I work as a bilingual Protestant minister and writer in Austin, Texas. My second book, a nonfiction narrative account in the field of restorative justice, There is a Balm in Huntsville: A True Story of Tragedy and Restoration from the Heart of the Texas Prison System, is available wherever books are sold, including Amazon.
Reviews and reactions to Balm have been overwhelmingly positive. Click here to read comments from readers.
My first book Just a Little Bit More: The Culture of Excess and the Fate of the Common Good is distributed by ACTA Publications (Chicago) and is available on Amazon and as an ebook on Amazon, iBooks, and Nook. Reach me on Twitter @blue_ocotillo.
During my adult years, I’ve been a reader. I had a lot of assigned reading while in seminary – most (but certainly not all) of which I completed. Upon finishing graduate school, I thoroughly enjoyed the freedom of reading what I wanted. This freedom lasted for some twenty years. While I do read fiction, I’m thoroughly over-balanced on the non-fiction side. Taylor Branch’s Parting the Waters, Dee Brown’s Bury My Heart at Wounded Knee, Paul Johnson’s Modern Times, Richard Rhodes’s The Making of the Atomic Bomb, and Daniel Yergin’s The Prize are but a few of the captivating books I delved into over those twenty years. Reading a book is akin to having a conversation with another human being: a deep, meaningful, and thought-out exchange that as the reader I am able to conduct on my time. (Yes, I’m that person who carries a book around most everywhere.)
In the summer of 2011, the twenty-year run of unassigned reading came to an end. A crazy idea which I had never entertained started to take hold: write a book. Not just any book, but a book that responded to the fallout associated with the economic swoon that started with the housing market crash of 2007-08. As the details emerged, once again our society was dealing with the aftereffects of the inordinate love of money and misplaced trust in an economic system still prone to collapses. The so-called experts had been telling us that we had entered a new era of stability. They were wrong. Hadn’t we seen this before in the run-up to the Great Depression?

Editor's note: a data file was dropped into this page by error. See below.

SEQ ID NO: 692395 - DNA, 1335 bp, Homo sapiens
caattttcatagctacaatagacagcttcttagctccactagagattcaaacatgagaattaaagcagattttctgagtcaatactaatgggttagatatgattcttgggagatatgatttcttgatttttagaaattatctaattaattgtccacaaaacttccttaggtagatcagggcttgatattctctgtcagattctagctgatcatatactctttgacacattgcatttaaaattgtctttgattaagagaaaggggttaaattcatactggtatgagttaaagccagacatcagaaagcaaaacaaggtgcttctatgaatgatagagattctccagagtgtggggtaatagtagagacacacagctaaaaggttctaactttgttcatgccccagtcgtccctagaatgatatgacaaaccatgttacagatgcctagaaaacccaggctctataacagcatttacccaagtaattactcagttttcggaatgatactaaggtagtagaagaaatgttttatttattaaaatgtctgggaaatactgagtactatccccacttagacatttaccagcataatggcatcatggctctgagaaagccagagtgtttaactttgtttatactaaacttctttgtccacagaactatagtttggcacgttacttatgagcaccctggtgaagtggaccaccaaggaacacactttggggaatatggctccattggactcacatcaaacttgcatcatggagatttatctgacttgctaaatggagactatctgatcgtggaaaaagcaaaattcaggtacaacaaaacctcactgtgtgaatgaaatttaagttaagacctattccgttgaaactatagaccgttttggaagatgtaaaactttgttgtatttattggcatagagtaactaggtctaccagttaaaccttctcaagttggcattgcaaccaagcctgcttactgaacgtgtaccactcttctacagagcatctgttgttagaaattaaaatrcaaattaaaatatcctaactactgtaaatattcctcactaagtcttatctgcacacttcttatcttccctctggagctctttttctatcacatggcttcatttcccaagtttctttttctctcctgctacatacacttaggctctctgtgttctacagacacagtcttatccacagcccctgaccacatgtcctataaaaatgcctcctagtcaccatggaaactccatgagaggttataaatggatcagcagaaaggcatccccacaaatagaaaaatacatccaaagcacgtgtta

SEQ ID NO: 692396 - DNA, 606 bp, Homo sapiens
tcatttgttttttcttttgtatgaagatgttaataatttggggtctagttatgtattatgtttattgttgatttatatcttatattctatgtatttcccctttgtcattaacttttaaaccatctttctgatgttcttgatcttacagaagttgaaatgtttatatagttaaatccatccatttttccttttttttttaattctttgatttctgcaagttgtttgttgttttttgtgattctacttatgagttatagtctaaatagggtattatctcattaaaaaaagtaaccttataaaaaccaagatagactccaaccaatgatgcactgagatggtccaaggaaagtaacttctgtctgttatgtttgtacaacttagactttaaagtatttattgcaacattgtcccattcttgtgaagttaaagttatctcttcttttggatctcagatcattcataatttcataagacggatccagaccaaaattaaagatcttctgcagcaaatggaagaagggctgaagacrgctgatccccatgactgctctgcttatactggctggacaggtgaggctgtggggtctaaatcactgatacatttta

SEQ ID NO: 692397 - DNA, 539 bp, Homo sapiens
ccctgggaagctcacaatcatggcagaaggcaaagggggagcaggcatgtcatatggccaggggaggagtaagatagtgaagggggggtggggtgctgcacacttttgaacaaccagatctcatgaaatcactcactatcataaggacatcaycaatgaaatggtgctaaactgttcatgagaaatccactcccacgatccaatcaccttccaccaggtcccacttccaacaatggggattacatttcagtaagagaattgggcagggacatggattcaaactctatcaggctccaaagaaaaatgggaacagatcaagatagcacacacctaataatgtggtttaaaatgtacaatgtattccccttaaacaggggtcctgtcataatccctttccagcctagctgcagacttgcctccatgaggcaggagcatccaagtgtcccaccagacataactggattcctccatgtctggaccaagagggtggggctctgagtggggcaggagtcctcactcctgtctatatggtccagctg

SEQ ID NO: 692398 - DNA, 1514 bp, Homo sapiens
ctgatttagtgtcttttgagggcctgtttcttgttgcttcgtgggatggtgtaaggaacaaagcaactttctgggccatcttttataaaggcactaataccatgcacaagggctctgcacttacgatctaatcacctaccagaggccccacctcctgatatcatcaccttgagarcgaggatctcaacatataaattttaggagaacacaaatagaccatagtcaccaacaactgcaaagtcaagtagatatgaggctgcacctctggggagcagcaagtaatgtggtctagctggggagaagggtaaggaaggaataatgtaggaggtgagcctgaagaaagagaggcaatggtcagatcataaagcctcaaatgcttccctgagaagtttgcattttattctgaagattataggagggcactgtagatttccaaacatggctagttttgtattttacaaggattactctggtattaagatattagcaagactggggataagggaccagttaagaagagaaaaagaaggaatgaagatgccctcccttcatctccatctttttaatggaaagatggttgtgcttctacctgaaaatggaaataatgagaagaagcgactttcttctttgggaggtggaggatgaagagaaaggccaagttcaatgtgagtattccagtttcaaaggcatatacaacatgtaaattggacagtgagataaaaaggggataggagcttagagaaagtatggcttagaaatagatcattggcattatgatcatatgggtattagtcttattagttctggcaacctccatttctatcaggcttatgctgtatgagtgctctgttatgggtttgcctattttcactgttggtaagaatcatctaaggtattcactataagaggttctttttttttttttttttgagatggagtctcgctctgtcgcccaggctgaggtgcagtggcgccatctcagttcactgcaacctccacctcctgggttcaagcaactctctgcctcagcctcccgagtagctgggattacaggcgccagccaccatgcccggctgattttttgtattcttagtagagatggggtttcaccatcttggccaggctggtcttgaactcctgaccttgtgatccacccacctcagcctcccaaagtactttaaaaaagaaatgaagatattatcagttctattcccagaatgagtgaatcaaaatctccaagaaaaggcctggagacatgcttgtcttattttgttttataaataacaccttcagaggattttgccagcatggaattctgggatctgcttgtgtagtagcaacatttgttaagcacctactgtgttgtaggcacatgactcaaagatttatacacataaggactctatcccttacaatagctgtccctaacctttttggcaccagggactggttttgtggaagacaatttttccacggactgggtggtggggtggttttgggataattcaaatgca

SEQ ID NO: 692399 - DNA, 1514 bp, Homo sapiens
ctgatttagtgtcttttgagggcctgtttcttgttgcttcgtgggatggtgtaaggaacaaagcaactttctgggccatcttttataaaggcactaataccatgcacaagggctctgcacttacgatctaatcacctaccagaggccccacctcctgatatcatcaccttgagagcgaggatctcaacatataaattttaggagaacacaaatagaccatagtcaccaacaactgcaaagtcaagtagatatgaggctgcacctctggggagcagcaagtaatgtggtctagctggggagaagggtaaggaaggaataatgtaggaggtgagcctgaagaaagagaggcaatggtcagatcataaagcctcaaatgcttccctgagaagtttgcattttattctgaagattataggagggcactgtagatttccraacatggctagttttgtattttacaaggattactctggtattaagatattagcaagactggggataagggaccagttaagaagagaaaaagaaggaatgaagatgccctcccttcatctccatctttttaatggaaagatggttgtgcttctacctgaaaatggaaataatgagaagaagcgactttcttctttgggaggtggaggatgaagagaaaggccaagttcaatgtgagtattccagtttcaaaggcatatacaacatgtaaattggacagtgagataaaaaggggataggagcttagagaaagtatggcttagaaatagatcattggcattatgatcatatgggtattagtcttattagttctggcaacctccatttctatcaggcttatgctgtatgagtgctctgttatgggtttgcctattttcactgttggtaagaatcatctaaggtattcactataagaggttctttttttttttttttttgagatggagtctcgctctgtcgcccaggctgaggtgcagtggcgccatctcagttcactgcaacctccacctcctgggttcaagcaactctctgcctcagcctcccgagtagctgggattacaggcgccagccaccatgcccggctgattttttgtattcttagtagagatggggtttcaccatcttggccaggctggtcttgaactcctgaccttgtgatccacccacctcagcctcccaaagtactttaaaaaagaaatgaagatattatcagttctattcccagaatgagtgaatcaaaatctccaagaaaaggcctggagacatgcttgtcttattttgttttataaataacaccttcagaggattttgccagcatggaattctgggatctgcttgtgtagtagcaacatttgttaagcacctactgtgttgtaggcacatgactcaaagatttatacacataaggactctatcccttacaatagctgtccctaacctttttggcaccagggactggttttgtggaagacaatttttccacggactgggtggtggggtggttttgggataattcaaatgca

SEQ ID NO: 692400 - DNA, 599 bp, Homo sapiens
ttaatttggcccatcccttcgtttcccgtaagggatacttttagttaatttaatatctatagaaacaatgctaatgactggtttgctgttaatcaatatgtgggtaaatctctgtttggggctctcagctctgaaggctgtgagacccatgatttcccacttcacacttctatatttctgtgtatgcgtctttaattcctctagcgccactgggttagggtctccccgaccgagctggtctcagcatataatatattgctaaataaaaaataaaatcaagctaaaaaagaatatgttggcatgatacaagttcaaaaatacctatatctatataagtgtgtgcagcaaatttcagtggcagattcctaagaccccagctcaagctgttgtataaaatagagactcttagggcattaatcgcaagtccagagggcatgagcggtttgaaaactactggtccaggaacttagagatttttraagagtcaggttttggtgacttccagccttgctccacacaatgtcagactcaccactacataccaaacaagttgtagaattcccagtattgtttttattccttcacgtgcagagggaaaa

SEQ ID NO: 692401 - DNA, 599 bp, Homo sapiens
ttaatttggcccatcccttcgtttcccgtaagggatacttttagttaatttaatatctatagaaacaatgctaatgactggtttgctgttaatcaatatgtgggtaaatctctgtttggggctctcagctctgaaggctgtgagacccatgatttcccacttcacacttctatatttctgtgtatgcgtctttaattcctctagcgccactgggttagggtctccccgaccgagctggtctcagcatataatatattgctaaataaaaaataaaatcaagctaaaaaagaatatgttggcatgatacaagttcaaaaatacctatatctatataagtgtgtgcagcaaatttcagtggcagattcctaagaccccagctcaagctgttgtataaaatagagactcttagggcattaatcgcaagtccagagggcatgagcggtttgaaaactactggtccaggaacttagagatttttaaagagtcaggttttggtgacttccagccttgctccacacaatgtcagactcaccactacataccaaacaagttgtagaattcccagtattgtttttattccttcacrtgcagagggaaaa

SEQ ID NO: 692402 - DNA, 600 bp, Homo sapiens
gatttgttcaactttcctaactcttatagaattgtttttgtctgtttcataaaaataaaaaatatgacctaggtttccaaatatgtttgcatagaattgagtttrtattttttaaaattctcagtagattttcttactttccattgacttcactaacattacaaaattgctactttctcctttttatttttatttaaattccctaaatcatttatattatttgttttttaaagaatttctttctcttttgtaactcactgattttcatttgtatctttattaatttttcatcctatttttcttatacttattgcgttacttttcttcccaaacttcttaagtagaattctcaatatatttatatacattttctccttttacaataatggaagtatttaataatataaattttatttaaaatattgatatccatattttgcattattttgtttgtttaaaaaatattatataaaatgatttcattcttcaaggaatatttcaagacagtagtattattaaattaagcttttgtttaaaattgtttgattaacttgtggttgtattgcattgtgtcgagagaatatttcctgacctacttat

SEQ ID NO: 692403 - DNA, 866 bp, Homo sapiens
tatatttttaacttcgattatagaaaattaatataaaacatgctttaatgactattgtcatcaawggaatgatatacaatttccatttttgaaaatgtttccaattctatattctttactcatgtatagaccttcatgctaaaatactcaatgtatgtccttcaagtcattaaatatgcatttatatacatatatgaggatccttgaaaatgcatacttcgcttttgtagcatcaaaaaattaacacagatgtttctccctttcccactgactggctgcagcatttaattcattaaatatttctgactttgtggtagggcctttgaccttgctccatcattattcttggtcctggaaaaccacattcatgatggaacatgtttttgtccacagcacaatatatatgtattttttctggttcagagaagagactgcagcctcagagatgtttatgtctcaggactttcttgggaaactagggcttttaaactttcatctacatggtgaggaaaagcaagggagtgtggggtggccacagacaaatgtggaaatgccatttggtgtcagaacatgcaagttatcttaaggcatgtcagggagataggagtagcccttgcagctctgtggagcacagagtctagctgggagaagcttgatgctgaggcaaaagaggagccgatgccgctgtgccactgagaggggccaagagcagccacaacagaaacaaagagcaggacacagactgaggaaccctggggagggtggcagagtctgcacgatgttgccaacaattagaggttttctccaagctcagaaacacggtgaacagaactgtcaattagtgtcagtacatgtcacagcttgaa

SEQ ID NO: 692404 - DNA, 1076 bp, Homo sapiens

I started reading – by my own coerced assignation – all I could that covered the topic of how the economy crashed once again: banking, history, economics, commentary. I talked with colleagues and friends about my idea. Most were enthusiastic and responded with further suggestions. The idea of what I wanted to write began to form . . . something along the lines of societal excess and over-consumption. As I researched, I kept looking for the book that I wanted to write – to see if someone else had already written it. In those first number of months of heavy reading, I didn’t find it. I started writing. My reading and research continued as I wrote. All the while, I still spied for the book I was writing. I came across some that were close to it, covering similar territory. I never found it, however.
I finished my writing . . . and hope that you join the conversation with me. I’m confident the conversation we can have as you read my book will not only be worthwhile, but thought-provoking and influential.
Just a Little Bit More: The Culture of Excess and the Fate of the Common Good, published in May 2014, has been well received by those similarly concerned that American society, increasingly stratified economically, is losing touch with an egalitarian-fused common good.
During 2017, I took a “self-imposed sabbatical” from church work. I had served dual-language congregations in Texas for more than twenty-five years and wanted to write another book. The end result of a fifteen-month sabbatical is There is a Balm in Huntsville. I’m grateful to my spouse, Denise Anderson, for supporting our household while I researched and wrote for all of 2017 and a few months into 2018.
I hope you join in the conversation that Balm affords – on restorative justice, second chances, and making amends. See my other website, www.tcarlosanderson.com, for more details about There is a Balm in Huntsville.